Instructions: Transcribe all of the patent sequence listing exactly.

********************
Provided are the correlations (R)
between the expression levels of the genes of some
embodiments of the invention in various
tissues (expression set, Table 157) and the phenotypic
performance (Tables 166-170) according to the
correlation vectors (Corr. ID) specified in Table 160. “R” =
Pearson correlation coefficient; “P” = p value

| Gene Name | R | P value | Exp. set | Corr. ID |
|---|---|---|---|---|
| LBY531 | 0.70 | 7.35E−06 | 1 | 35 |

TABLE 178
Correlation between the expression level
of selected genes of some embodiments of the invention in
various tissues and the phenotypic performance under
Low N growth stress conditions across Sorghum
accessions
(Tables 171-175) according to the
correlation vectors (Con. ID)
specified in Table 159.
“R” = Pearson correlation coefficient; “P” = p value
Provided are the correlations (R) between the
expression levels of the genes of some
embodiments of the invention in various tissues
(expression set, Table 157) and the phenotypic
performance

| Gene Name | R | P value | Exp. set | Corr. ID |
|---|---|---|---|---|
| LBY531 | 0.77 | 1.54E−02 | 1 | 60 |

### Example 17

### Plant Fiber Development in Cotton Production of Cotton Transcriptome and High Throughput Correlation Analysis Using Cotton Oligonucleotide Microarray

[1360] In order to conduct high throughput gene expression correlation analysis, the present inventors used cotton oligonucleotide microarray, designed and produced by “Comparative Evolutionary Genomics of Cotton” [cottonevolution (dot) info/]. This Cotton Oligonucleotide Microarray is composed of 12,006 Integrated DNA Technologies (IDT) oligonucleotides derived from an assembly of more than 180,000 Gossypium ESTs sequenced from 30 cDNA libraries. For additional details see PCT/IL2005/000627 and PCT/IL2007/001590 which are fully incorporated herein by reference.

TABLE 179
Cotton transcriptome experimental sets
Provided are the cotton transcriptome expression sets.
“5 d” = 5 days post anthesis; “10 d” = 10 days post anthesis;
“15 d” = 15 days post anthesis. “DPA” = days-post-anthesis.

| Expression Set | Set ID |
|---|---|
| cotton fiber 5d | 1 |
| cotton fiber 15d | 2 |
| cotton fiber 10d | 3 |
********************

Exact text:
Provided are the correlations (R)
between the expression levels of the genes of some
embodiments of the invention in various
tissues (expression set, Table 157) and the phenotypic
performance (Tables 166-170) according to the
correlation vectors (Corr. ID) specified in Table 160. “R” =
Pearson correlation coefficient; “P” = p value

| Gene Name | R | P value | Exp. set | Corr. ID |
|---|---|---|---|---|
| LBY531 | 0.70 | 7.35E−06 | 1 | 35 |

TABLE 178
Correlation between the expression level
of selected genes of some embodiments of the invention in
various tissues and the phenotypic performance under
Low N growth stress conditions across Sorghum
accessions
(Tables 171-175) according to the
correlation vectors (Con. ID)
specified in Table 159.
“R” = Pearson correlation coefficient; “P” = p value
Provided are the correlations (R) between the
expression levels of the genes of some
embodiments of the invention in various tissues
(expression set, Table 157) and the phenotypic
performance

| Gene Name | R | P value | Exp. set | Corr. ID |
|---|---|---|---|---|
| LBY531 | 0.77 | 1.54E−02 | 1 | 60 |

### Example 17

### Plant Fiber Development in Cotton Production of Cotton Transcriptome and High Throughput Correlation Analysis Using Cotton Oligonucleotide Microarray

[1360] In order to conduct high throughput gene expression correlation analysis, the present inventors used cotton oligonucleotide microarray, designed and produced by “Comparative Evolutionary Genomics of Cotton” [cottonevolution (dot) info/]. This Cotton Oligonucleotide Microarray is composed of 12,006 Integrated DNA Technologies (IDT) oligonucleotides derived from an assembly of more than 180,000 Gossypium ESTs sequenced from 30 cDNA libraries. For additional details see PCT/IL2005/000627 and PCT/IL2007/001590 which are fully incorporated herein by reference.

TABLE 179
Cotton transcriptome experimental sets
Provided are the cotton transcriptome expression sets.
“5 d” = 5 days post anthesis; “10 d” = 10 days post anthesis;
“15 d” = 15 days post anthesis. “DPA” = days-post-anthesis.

| Expression Set | Set ID |
|---|---|
| cotton fiber 5d | 1 |
| cotton fiber 15d | 2 |
| cotton fiber 10d | 3 |